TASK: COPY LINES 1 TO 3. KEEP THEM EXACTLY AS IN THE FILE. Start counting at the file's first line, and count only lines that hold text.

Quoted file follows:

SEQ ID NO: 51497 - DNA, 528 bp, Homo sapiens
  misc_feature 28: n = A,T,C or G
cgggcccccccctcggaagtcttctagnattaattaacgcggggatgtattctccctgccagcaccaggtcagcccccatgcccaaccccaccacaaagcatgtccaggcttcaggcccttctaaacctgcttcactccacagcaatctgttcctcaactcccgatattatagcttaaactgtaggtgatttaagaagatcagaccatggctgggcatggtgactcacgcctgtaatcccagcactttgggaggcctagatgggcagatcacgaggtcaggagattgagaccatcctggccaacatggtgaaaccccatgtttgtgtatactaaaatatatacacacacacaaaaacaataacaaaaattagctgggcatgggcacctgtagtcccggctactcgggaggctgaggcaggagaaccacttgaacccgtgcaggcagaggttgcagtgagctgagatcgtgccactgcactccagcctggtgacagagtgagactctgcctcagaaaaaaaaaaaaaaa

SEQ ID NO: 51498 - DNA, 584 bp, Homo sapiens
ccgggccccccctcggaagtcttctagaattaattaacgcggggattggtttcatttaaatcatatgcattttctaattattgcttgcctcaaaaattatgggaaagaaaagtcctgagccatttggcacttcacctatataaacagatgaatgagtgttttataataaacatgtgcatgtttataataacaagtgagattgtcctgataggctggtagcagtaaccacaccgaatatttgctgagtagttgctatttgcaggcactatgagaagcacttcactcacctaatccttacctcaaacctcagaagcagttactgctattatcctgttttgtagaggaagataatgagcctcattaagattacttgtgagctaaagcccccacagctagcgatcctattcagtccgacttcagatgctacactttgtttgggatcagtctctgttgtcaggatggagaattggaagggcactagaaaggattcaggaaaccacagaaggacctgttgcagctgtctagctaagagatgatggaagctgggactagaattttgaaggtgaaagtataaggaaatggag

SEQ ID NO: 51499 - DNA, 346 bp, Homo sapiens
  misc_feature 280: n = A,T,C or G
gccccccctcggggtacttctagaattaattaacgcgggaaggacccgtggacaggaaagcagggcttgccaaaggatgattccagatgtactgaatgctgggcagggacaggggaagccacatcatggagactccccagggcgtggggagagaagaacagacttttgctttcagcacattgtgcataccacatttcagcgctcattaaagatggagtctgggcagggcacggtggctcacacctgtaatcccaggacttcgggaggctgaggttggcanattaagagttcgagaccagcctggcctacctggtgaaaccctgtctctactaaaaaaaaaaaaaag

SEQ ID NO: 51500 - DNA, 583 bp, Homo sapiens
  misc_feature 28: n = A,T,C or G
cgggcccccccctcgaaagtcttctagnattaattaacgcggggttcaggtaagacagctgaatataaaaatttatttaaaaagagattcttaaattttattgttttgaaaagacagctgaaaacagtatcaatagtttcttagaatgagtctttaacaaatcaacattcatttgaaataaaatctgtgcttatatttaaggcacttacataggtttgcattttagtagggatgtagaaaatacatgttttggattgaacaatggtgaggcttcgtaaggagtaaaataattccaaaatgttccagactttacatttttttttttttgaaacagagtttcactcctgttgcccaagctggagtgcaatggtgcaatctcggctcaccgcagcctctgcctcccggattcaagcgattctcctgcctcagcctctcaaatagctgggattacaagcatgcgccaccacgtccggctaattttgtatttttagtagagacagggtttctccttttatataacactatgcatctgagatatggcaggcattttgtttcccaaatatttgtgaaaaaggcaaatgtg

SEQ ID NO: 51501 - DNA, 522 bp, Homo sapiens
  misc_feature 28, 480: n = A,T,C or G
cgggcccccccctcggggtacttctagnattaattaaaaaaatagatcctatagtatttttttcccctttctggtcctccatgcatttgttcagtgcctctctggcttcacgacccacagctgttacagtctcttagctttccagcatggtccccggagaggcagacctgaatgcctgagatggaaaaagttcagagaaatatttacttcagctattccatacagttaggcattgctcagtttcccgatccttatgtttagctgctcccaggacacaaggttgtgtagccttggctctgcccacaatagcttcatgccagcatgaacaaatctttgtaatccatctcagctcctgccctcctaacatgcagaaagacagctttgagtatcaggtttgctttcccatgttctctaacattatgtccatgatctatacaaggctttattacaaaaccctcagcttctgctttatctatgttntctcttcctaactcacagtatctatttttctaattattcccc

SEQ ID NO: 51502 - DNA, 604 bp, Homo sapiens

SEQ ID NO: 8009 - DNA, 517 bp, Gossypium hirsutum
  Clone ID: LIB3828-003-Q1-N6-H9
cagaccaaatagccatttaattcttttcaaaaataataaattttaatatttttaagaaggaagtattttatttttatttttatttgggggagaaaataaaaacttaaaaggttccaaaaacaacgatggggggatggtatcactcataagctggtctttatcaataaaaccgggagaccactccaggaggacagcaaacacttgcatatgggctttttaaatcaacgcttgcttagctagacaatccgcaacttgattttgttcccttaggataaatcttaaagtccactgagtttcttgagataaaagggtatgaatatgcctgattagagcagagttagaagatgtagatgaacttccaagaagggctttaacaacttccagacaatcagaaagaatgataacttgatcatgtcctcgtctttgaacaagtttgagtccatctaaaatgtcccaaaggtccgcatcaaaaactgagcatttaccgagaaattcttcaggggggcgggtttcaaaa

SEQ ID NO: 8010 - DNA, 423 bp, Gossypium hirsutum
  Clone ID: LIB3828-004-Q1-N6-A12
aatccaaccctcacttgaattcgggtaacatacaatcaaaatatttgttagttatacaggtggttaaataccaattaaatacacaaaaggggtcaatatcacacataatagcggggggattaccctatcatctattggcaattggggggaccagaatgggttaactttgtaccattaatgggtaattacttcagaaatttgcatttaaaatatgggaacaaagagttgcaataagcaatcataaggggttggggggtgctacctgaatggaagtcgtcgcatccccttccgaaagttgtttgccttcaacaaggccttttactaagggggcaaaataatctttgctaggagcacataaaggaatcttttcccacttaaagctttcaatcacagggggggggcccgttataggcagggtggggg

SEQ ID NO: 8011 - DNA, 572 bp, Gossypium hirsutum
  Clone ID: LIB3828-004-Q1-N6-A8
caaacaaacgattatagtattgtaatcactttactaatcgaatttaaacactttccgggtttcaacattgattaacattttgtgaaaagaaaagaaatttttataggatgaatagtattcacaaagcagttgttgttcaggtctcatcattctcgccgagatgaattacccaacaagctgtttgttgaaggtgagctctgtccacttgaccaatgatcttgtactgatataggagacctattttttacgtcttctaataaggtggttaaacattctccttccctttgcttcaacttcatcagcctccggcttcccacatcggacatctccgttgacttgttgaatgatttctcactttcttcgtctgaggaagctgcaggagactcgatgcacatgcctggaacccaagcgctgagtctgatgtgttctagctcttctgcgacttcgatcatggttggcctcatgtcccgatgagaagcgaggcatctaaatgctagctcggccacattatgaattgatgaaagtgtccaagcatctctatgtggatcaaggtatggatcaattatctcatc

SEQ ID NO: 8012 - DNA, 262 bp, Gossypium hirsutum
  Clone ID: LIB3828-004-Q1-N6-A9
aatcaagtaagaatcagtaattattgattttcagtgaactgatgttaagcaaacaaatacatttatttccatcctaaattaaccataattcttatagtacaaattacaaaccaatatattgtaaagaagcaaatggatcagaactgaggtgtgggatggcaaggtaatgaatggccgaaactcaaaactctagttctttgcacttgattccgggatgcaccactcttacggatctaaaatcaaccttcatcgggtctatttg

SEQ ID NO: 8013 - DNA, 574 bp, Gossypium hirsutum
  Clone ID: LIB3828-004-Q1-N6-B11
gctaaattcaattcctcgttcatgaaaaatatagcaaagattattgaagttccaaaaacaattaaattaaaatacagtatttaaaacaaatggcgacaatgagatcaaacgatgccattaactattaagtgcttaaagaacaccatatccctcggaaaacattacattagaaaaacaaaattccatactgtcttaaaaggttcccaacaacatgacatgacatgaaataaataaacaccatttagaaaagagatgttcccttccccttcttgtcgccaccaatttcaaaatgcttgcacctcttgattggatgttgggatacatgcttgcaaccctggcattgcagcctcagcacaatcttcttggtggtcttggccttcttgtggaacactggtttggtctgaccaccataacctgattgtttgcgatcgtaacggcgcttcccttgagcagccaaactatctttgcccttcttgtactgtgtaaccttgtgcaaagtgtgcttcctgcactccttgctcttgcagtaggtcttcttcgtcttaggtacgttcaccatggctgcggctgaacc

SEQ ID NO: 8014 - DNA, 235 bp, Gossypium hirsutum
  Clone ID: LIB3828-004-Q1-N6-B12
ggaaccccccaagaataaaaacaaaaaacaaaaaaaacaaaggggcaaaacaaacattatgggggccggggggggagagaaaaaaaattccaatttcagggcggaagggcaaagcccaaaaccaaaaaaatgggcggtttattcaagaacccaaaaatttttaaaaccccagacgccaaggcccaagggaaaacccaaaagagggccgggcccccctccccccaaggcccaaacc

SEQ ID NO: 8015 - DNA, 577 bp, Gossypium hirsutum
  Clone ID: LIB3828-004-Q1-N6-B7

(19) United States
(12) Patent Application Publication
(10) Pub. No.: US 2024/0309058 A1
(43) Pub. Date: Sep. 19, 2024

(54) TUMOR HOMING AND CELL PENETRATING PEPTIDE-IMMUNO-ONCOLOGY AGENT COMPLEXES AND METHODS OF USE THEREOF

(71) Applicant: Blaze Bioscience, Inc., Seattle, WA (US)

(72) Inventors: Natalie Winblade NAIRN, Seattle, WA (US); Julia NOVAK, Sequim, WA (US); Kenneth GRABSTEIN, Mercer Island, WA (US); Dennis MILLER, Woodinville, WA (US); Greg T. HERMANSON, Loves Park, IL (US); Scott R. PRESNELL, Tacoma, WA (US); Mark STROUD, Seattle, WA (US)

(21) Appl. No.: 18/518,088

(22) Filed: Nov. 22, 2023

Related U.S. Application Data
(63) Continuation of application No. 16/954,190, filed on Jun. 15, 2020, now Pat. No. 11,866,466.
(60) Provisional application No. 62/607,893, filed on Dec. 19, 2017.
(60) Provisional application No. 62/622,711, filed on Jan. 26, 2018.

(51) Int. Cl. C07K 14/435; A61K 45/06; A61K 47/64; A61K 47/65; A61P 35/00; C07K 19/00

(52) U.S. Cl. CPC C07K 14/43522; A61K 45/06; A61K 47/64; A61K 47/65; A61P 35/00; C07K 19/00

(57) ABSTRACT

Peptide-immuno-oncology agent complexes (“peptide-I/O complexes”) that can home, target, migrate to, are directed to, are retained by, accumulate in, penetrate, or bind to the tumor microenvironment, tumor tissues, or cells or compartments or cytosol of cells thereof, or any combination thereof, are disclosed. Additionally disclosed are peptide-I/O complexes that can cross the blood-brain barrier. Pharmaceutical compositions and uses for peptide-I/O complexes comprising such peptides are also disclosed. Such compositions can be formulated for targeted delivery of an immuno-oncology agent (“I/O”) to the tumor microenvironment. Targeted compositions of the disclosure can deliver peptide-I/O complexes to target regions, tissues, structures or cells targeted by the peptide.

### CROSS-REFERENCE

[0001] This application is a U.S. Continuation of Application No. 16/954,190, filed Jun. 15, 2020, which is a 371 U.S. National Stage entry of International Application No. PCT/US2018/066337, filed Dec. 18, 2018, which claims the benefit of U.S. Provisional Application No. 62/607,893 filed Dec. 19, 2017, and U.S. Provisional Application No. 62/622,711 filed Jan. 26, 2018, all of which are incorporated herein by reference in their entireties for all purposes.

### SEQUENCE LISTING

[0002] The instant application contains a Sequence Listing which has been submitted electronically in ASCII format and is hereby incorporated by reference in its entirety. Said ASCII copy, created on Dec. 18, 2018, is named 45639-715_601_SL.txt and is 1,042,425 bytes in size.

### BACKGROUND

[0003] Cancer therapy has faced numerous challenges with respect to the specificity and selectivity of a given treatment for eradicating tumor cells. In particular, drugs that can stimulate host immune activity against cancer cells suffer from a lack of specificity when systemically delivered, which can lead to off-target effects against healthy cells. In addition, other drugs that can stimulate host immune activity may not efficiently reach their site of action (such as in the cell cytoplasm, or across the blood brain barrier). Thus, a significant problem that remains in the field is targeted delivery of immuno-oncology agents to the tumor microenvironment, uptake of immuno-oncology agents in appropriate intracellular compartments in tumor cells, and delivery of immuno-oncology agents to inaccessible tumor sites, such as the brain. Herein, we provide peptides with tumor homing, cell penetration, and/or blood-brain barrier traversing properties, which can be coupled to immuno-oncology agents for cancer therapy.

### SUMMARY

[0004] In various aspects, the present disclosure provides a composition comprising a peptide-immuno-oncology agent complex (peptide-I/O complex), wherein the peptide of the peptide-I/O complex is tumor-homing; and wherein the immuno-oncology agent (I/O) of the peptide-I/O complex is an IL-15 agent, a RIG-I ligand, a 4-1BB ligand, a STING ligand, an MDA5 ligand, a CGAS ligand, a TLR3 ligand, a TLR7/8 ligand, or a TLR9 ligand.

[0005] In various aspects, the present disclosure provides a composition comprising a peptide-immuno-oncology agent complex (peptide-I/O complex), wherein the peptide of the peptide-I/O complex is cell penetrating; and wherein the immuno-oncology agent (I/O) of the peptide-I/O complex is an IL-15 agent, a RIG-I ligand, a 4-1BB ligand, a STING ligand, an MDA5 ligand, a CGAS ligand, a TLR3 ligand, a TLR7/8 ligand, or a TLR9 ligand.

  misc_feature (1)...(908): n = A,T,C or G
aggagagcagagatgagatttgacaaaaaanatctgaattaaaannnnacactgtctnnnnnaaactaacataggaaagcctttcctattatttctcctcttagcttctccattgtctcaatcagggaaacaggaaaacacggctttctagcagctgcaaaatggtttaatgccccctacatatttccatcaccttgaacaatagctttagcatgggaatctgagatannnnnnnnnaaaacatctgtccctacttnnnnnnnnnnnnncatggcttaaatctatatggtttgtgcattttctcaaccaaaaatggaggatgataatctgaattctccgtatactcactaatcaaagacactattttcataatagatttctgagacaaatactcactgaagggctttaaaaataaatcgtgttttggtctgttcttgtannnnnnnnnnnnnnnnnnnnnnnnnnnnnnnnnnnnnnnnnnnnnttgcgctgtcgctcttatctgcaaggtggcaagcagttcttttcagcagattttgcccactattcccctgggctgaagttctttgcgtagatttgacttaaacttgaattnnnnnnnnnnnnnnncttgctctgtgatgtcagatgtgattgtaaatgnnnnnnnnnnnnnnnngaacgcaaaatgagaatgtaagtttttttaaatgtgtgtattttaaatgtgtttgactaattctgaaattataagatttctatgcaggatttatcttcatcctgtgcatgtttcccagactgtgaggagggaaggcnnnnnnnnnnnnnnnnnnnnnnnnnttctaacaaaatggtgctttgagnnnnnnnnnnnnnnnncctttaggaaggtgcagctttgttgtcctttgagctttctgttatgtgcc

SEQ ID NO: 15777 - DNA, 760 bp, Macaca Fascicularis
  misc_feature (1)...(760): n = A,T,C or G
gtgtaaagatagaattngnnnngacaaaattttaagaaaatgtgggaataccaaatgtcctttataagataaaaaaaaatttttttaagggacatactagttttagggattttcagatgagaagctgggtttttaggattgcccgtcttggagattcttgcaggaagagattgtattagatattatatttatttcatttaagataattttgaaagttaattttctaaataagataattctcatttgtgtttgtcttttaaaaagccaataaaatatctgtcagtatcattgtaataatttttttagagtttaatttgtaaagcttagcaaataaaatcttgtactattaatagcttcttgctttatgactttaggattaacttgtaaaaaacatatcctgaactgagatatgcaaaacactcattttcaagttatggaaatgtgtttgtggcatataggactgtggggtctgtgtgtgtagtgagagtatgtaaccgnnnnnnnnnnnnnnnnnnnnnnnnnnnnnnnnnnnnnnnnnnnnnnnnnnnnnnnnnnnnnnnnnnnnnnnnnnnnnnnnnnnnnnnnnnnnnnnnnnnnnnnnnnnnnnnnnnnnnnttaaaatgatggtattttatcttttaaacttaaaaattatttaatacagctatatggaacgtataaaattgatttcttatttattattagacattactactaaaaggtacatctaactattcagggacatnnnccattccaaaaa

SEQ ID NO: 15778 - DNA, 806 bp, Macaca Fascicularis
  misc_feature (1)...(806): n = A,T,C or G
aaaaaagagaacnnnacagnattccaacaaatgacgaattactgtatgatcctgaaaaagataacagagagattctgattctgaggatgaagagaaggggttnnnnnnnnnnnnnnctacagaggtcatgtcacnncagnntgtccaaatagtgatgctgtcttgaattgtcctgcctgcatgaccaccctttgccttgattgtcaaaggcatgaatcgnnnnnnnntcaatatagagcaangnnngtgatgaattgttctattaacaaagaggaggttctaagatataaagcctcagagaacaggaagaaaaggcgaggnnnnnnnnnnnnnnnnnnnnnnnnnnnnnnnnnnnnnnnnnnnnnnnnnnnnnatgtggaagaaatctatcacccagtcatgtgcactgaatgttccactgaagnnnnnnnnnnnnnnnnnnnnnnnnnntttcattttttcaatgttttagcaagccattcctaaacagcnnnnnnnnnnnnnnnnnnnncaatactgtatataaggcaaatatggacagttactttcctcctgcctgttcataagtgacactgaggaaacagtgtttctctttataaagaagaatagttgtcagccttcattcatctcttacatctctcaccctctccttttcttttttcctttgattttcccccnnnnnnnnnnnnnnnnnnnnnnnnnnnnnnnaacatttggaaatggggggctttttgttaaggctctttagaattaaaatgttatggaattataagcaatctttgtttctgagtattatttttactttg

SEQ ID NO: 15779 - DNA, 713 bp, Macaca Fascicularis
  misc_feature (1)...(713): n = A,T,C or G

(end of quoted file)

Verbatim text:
SEQ ID NO: 51497 - DNA, 528 bp, Homo sapiens
  misc_feature 28: n = A,T,C or G
cgggcccccccctcggaagtcttctagnattaattaacgcggggatgtattctccctgccagcaccaggtcagcccccatgcccaaccccaccacaaagcatgtccaggcttcaggcccttctaaacctgcttcactccacagcaatctgttcctcaactcccgatattatagcttaaactgtaggtgatttaagaagatcagaccatggctgggcatggtgactcacgcctgtaatcccagcactttgggaggcctagatgggcagatcacgaggtcaggagattgagaccatcctggccaacatggtgaaaccccatgtttgtgtatactaaaatatatacacacacacaaaaacaataacaaaaattagctgggcatgggcacctgtagtcccggctactcgggaggctgaggcaggagaaccacttgaacccgtgcaggcagaggttgcagtgagctgagatcgtgccactgcactccagcctggtgacagagtgagactctgcctcagaaaaaaaaaaaaaaa